Okka von der Damerau (mezzo-soprano)
Vienna Philharmonic Orchestra
Daniel Barenboim (conductor)
Mahler’s Fifth Symphony seems perhaps to be his most difficult to bring off convincingly. Perhaps the only entirely convincing performance I have heard in the concert hall – alas, I never heard Pierre Boulez conduct it live – came from Daniele Gatti. Conductors as different as Simon Rattle and Daniel Barenboim have struggled in different ways. Given more than a dozen years since I last heard Barenboim, it seemed time to give him another try, not least given the presence of the Vienna Philharmonic. (He can certainly excel in Mahler, not least in the Seventh and Ninth Symphonies.) The verdict, especially earlier on, remained mixed, at least for me, although the audience greeted the performance with great enthusiasm. (Do audiences ever not greet performances of Mahler with such enthusiasm nowadays?) And, to be fair, its merits increased as time progressed. I remain, however, to be convinced, that this is really Barenboim’s piece.
My scepticism was probably strongest in the first movement, perhaps the first part (movements one and two) as a whole. Barenboim’s initial tempo was on the slow side, but not unreasonably so; the problem was more the constant slowing from that (first) basic tempo, leading the music to drag, sometimes to the extent of lacking much in the way of pulse at all. For whatever reasons, his singular way with the Seventh – it really should not work, yet it does – in which he treats the music almost as if it were Brahms, seems quite at sea here; textures merely seem thick, rather than revealing a myriad of colours within. Mahler’s great storms fared better, timbrally too. In the second movement, the VPO seemed to temper its conductor somewhat, although I still felt the music weighed down: not quite congested, but not quite uncongested either.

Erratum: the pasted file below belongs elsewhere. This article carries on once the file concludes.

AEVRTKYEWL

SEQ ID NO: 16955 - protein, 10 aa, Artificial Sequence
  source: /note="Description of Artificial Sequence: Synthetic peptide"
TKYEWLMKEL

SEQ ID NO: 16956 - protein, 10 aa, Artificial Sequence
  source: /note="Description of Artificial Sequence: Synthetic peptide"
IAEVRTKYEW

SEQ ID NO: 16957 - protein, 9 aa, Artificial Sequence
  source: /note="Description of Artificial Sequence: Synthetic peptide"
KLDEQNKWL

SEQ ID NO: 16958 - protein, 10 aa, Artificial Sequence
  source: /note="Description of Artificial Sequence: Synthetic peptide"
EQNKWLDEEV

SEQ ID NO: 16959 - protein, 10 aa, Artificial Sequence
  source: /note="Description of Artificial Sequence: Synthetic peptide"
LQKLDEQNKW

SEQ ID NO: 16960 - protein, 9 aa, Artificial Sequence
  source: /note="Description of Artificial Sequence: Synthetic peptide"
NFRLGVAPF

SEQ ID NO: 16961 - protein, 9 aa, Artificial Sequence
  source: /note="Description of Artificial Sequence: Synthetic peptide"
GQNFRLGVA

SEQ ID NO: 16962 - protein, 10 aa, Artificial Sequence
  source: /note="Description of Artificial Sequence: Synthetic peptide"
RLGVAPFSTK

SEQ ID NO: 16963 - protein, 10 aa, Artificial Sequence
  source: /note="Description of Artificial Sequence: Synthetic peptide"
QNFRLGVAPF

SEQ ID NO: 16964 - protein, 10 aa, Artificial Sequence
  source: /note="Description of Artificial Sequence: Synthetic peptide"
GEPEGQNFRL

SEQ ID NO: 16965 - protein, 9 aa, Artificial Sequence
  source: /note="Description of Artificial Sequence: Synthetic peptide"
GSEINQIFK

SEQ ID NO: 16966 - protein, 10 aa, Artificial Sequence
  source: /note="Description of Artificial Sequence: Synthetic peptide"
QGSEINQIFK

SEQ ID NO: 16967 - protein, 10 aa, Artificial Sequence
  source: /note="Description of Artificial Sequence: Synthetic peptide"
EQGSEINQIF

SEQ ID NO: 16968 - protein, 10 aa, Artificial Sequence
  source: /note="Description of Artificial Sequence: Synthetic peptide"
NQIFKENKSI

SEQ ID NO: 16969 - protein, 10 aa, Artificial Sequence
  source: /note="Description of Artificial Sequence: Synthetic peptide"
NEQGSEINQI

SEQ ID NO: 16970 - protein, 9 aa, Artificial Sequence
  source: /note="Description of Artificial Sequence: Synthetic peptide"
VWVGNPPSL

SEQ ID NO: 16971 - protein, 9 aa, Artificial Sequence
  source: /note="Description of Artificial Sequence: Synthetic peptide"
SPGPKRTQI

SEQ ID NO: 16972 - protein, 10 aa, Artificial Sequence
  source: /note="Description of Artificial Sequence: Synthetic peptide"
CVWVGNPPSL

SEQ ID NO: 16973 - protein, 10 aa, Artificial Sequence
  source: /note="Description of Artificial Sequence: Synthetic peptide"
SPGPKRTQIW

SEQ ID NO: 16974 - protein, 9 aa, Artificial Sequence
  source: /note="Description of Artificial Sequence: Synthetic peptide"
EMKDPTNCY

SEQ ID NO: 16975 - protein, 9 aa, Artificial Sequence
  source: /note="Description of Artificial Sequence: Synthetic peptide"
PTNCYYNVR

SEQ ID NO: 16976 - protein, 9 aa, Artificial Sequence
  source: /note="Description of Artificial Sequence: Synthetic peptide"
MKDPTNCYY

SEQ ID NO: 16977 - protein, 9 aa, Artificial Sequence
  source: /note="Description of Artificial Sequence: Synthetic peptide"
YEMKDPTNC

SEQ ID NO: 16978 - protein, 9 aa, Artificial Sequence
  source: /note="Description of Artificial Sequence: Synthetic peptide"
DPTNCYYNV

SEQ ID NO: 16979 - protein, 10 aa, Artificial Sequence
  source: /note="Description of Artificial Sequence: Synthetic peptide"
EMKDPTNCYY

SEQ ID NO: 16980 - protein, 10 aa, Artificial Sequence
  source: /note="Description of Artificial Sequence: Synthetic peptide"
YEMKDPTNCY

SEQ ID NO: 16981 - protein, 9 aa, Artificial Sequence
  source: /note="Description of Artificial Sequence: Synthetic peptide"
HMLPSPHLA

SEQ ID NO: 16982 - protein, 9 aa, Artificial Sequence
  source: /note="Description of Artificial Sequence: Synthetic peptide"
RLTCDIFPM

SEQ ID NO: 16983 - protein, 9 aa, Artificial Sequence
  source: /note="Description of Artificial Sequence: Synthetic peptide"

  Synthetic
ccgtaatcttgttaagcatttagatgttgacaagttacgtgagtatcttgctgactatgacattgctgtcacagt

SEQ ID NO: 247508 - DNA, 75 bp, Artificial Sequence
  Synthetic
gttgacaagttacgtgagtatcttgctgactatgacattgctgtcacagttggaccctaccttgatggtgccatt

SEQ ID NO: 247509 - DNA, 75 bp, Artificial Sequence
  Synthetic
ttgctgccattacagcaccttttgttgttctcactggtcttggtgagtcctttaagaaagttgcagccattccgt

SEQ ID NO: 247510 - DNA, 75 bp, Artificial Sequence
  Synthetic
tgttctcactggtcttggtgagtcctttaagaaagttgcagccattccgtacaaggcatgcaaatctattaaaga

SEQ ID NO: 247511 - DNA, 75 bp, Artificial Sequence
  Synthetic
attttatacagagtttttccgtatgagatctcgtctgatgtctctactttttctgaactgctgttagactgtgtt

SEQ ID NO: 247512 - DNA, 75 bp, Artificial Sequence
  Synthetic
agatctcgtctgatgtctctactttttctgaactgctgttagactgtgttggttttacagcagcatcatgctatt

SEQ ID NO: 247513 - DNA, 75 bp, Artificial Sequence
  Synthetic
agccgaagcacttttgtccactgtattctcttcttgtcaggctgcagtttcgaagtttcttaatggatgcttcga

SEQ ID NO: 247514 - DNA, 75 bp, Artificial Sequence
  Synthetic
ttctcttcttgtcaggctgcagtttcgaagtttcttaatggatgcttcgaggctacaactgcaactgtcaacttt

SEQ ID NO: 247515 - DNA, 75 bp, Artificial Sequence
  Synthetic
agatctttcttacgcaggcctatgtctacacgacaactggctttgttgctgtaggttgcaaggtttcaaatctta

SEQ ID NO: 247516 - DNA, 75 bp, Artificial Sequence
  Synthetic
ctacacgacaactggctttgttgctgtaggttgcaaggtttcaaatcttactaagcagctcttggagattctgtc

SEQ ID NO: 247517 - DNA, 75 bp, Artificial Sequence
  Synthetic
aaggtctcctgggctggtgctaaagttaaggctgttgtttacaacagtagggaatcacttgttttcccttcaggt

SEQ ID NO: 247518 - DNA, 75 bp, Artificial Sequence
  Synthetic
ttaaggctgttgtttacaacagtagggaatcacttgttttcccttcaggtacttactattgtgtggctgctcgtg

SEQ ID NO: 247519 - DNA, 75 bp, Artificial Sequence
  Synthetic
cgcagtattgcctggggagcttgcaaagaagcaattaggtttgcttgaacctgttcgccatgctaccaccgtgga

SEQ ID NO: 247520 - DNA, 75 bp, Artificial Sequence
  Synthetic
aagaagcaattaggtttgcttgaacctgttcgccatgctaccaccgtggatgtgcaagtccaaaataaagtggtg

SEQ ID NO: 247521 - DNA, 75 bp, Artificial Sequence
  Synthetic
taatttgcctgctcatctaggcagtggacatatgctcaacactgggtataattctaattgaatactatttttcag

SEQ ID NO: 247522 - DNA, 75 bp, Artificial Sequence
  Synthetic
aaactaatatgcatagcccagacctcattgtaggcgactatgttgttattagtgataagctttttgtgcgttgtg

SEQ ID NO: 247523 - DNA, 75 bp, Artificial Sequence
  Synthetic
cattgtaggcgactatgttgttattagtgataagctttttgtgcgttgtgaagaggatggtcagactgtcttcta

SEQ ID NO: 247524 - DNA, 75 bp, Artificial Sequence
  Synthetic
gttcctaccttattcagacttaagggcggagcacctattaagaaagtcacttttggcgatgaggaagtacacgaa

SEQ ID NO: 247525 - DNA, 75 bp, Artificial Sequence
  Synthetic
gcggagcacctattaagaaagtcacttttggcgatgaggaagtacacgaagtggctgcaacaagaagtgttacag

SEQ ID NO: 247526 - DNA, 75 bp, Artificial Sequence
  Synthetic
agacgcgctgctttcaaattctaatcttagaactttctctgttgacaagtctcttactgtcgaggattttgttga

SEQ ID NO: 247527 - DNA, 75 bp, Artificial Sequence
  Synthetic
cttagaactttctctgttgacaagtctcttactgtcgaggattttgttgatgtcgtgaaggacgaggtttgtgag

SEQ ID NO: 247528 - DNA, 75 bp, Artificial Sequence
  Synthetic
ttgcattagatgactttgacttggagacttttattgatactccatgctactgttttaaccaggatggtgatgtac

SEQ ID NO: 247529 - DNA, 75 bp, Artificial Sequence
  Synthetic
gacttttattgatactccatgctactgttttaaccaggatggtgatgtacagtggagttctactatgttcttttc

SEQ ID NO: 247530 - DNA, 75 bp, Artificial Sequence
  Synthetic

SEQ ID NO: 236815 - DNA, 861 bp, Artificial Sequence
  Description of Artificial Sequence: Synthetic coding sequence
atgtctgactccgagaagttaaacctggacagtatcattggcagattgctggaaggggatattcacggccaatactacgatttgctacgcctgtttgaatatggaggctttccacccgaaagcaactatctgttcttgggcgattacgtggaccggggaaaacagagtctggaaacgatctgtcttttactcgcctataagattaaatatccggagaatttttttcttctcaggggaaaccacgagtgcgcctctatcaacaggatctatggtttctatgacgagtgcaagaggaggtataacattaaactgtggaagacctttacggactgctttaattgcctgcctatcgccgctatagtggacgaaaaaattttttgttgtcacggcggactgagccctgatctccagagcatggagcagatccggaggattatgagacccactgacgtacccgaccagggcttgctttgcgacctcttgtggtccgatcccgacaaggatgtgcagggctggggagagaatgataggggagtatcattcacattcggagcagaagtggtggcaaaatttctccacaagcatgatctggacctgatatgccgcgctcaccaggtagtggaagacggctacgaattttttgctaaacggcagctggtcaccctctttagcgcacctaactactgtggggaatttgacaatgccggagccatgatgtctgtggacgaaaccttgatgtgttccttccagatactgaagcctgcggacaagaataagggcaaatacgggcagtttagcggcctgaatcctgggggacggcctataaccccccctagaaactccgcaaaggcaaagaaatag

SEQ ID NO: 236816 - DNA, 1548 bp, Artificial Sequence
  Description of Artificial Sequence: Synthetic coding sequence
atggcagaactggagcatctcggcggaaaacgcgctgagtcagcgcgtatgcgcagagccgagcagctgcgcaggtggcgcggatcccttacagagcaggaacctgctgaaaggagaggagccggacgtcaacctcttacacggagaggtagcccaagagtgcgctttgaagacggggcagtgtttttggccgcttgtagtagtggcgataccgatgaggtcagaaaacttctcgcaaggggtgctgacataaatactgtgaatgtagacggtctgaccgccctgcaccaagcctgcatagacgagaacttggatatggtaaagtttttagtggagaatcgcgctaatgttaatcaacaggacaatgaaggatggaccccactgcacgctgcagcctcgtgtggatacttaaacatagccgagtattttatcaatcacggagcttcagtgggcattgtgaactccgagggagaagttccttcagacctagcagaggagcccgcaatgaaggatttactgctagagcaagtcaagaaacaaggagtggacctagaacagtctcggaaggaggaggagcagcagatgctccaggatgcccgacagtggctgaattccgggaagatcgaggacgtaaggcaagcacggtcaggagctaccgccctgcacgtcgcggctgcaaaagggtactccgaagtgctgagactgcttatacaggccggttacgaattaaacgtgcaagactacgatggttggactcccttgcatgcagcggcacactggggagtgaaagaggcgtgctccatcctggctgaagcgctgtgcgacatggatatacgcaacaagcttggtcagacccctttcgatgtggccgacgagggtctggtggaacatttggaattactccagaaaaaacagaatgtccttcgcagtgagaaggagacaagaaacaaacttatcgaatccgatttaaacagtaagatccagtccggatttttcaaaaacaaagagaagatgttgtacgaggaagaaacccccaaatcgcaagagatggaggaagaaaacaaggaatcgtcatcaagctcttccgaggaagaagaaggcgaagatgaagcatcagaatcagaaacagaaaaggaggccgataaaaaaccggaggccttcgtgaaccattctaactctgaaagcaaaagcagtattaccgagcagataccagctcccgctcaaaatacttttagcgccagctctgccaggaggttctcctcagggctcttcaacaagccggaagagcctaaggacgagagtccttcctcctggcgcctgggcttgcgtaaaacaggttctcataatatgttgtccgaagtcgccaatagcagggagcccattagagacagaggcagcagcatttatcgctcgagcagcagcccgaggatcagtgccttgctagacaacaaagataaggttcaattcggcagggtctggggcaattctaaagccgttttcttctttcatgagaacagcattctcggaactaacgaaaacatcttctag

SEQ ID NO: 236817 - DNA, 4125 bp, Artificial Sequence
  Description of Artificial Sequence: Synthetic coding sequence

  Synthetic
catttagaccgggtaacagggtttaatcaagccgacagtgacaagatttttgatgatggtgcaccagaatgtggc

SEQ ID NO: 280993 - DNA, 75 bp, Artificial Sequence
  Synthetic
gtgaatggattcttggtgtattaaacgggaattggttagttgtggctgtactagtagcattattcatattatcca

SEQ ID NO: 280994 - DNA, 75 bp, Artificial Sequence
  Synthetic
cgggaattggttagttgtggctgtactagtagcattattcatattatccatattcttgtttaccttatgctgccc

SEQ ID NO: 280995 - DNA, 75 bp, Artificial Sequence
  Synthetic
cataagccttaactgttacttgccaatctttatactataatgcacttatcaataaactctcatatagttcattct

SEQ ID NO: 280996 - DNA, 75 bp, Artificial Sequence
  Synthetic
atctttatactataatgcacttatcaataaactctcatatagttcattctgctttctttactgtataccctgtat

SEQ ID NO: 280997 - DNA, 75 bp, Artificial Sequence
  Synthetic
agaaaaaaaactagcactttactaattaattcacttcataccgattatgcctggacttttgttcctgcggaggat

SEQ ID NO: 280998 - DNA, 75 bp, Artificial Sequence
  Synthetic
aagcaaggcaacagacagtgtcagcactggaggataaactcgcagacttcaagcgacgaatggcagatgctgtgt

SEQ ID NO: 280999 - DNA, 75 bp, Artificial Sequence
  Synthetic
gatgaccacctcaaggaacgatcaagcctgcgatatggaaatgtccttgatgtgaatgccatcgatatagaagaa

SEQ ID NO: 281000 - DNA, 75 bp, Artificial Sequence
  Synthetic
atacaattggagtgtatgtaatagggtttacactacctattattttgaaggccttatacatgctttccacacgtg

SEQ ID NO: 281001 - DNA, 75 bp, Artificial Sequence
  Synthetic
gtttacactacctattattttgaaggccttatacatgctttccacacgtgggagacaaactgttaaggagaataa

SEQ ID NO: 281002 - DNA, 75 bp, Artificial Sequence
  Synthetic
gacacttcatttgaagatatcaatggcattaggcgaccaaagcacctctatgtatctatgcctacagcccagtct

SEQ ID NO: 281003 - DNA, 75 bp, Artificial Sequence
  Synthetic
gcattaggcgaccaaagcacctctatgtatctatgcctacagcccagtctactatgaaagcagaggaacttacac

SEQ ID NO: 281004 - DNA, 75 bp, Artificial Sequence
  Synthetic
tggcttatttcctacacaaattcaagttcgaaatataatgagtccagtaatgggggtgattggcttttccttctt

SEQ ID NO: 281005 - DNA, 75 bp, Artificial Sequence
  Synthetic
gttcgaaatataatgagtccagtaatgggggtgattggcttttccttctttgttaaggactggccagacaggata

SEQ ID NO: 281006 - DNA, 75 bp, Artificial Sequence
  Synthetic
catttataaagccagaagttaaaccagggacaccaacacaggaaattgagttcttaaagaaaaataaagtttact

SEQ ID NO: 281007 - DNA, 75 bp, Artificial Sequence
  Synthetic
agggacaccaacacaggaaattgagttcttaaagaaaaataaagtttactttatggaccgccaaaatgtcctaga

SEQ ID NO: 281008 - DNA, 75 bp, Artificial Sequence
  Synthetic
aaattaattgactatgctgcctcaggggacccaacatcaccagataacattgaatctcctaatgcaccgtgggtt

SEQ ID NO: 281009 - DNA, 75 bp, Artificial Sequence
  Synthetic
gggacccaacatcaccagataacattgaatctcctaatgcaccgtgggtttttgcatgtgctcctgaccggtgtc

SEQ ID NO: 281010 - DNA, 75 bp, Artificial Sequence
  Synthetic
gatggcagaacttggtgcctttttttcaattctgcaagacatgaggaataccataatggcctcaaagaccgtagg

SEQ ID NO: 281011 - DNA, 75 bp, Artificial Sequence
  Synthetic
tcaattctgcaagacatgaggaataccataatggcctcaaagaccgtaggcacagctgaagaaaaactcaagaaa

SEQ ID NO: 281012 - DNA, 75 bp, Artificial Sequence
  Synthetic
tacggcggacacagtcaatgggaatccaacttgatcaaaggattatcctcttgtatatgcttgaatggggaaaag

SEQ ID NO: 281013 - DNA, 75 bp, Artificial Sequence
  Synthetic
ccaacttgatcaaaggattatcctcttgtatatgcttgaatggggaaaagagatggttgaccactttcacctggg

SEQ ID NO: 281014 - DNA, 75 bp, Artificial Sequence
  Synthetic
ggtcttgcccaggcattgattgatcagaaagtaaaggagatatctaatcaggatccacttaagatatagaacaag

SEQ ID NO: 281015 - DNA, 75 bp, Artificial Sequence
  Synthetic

The scherzo, by contrast, had a good and proper sense of facing both ways, even if it would have benefited from something more sharply defined. What we hear here is clearly what Barenboim wants: I remain somewhat at a loss as to why, though. In the Adagietto, not inappropriately post-Wagnerian, we heard something quite lovely indeed: tender, not at all overwrought, and directed. Here, how could one not give thanks for the Vienna strings? The finale likewise emerged with considerable charm and ebullience, not only admirably clear but also directed. Irony? Not so much, but I am not sure that has ever really been Barenboim’s thing.
Kindertotenlieder, which preceded the symphony, seemed to me far more successful as a whole, Barenboim’s way with the music very different indeed. It had me wish that he had approached the symphony, at least in part, in similar fashion. Perhaps in part because he is a pianist, who has performed these songs in that role too, he showed himself especially alert to particularities of orchestral colour. Most notably in the opening ‘Nun will die Sonn’ so hell aufgeh’n’, yet far from only there, individual woodwind lines in particular pointed directly to Webern. This was modernist Mahler, which belied lazy, downright inaccurate generalisations of such performance. There are still, even now, people who describe Boulez’s conducting of such music as ‘cold’. But enough of their hearts; this was surely Mahler that Barenboim’s great friend and inspiration would have appreciated, as much for its harmonic grounding in Wagner as for later-twentieth-century anticipations. Okka von der Damerau proved an ideal soloist: clear, honest, with no need to impute further, false ‘emotions’ of her own. Her experience in Wagner singing told too: in some ways, this was, quite aptly, Mahler from Valhalla, the alleged tonal journey from D minor to major as provisionally redemptive as that implies.